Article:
Defending The Title

January 18, 2005
When you win the national championship, other teams come gunning for you. But Coach Matt Knoll's men's tennis team is well armed to withstand the assault. After all, the team still boasts the presence of Benedict Dorsch, the 2004 ITA National Player of the Year, and Benjamin Becker, the 2004 NCAA men's singles champion.
"We have a good blend of youth and experience," Knoll said. "It is nice to have guys back who have had success, but it also stirs things up a bit to add youthful enthusiasm to the group. We know that our returning players will continue to get better, and our new guys are everything that we hoped."
Of those returning players, Dorsch and Becker lead the way. Both were absent from campus during the fall semester -- Dorsch to play as an amateur on the international professional tennis circuit and Becker to mend a broken hand that he suffered while playing soccer last summer.
"Dorsch is doing well in that he is playing a lot of tennis," Knoll said. "He is not playing as well as he hoped, but I am glad he is getting out and playing. Becker's hand is recovering nicely. He is playing tennis but was having trouble with his two-handed backhand. It's not perfect that he wasn't able to play during the fall, but if you are going to be hurt, then fall is the time."
The other returning starter is Matija Zgaga, a sophomore from Slovenia. Zgaga, or "Ziggy" as he is called by his teammates, earned All-American honors in doubles and was named All-Big 12 in both singles and doubles for the 2003-04 season. During fall 2004, he won the singles title at the Baylor Intercollegiate and started with eight-consecutive wins before losing at the ITA Central Regional. He and newcomer Lars Poerschke combined for the doubles title at the ITA Central Regional.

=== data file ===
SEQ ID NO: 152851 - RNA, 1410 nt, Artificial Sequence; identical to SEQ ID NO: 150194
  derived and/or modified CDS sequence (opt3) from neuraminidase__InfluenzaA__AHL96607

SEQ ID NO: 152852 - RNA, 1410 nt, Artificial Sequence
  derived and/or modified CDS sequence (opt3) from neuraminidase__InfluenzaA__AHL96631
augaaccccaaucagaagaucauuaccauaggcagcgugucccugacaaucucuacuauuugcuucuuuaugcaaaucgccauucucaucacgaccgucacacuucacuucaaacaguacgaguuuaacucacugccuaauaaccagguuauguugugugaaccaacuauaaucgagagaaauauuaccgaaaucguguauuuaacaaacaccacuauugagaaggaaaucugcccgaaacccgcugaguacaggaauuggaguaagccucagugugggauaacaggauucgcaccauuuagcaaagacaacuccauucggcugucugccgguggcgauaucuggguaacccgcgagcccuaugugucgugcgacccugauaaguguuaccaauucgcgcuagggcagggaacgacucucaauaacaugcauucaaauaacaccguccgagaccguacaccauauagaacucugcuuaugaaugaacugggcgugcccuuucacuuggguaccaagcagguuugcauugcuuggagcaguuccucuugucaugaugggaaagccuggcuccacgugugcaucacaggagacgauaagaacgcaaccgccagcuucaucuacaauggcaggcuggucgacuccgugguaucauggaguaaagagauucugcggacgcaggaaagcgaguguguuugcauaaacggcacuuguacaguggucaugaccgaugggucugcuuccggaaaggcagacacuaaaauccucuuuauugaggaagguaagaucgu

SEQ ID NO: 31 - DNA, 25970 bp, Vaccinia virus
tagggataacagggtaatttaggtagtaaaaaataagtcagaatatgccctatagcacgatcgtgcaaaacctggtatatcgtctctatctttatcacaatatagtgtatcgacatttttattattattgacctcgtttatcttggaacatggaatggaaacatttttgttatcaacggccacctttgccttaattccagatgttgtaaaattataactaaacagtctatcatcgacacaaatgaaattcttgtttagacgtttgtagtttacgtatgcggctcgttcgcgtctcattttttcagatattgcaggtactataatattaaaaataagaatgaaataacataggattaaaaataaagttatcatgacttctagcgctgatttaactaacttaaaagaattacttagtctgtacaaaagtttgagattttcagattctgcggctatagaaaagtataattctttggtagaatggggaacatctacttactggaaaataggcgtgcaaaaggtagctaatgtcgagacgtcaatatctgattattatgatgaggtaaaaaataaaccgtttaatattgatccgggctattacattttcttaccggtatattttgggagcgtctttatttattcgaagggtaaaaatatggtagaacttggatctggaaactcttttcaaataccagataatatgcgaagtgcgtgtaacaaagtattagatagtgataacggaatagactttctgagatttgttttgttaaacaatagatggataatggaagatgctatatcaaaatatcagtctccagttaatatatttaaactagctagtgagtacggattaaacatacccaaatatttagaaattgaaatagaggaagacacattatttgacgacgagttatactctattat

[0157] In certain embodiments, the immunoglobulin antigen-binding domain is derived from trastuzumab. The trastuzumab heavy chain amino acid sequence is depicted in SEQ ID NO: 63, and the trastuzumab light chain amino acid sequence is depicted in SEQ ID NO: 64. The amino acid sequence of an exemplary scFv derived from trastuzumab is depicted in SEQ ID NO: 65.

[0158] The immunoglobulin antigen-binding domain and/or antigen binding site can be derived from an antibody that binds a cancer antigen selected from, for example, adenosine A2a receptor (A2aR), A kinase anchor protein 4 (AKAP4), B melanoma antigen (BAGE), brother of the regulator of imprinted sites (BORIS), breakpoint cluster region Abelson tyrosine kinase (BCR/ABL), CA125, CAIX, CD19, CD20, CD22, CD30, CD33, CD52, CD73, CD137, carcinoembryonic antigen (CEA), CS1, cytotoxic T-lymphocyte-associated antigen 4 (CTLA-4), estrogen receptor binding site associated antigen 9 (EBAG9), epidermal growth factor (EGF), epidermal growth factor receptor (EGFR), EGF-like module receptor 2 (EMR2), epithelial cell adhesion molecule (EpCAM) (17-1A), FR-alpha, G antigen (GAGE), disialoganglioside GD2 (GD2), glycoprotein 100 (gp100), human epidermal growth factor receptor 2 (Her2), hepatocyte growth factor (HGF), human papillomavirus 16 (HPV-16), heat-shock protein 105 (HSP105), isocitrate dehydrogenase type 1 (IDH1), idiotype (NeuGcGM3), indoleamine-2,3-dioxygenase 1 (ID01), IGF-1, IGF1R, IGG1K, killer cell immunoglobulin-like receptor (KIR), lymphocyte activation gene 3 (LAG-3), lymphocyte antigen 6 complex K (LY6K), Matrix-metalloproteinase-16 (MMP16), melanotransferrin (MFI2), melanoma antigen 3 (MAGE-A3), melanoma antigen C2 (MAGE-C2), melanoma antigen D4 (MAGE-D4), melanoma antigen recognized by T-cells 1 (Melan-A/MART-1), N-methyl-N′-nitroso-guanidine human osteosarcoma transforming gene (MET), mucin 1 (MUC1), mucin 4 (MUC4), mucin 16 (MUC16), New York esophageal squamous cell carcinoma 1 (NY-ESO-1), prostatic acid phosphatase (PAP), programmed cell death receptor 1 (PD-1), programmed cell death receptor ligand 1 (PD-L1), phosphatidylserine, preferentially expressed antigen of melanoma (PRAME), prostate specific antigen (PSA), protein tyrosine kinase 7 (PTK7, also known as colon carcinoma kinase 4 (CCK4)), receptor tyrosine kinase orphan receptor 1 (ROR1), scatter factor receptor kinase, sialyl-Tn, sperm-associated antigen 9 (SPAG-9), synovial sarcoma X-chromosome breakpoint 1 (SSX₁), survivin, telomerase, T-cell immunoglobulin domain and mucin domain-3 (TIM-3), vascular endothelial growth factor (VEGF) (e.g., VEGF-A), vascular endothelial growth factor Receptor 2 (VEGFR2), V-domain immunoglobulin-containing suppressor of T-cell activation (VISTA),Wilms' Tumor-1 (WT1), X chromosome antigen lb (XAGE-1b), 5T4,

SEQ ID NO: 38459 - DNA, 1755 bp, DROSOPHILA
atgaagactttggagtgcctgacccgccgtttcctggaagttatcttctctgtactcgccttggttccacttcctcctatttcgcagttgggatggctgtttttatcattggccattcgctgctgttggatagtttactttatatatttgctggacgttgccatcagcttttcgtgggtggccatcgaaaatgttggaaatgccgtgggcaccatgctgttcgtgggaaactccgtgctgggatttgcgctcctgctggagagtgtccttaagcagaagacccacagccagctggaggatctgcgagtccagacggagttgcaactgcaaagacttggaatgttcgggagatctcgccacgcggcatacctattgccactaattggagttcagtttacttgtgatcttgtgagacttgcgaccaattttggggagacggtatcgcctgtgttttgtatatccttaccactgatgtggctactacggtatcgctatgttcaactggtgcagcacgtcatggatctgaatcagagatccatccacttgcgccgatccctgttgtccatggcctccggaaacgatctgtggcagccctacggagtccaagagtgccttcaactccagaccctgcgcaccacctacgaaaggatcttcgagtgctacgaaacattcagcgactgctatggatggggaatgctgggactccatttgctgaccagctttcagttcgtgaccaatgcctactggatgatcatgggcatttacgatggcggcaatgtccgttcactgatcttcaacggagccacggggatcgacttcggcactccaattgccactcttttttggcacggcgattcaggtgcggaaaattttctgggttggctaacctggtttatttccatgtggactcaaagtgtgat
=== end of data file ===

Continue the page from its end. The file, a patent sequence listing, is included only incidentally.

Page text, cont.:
"Zgaga was hurt a little this fall and was not at his best. But he still had a very good fall," his coach said.
Always a good judge of talent, Knoll added two impressive players in fall 2004 -- Poerschke, a freshman from Germany, and Michal Kokta, a sophomore transfer from Prague.
Poerschke had an outstanding fall, not only winning the ITA Central Regional doubles title with Zgaga but also taking the singles title. Kokta was a world-class junior player against such stars as Andy Roddick, but burned out, hung up his racket and enrolled at the University of New York at Prague. Knoll reawakened Kokta's zest for the game, however, and believes that once he gets rid of the rust, he can be one of the best players in collegiate tennis. He also carries a straight-A average in the classroom.
At the beginning of the spring semester, Knoll also added recruits from Russia and New Zealand and a transfer student who is ranked among the Top 50 college players. "The guys we are bringing in will make an immediate impact on our program," he said.
The whole team gathered for the first time after Christmas when the players and coaches journeyed to New Zealand for nine days of preseason training. The NCAA allows athletic teams to go on one international trip every five years. Knoll said the trip offers an important bonding experience for the team.
"Going to New Zealand will give us a great opportunity to build a bond with each other," he said. "Our success will depend a lot on what kind of team we develop into. So it will be really important for our team to develop an identity early. We will spend a lot of time trying to do that."
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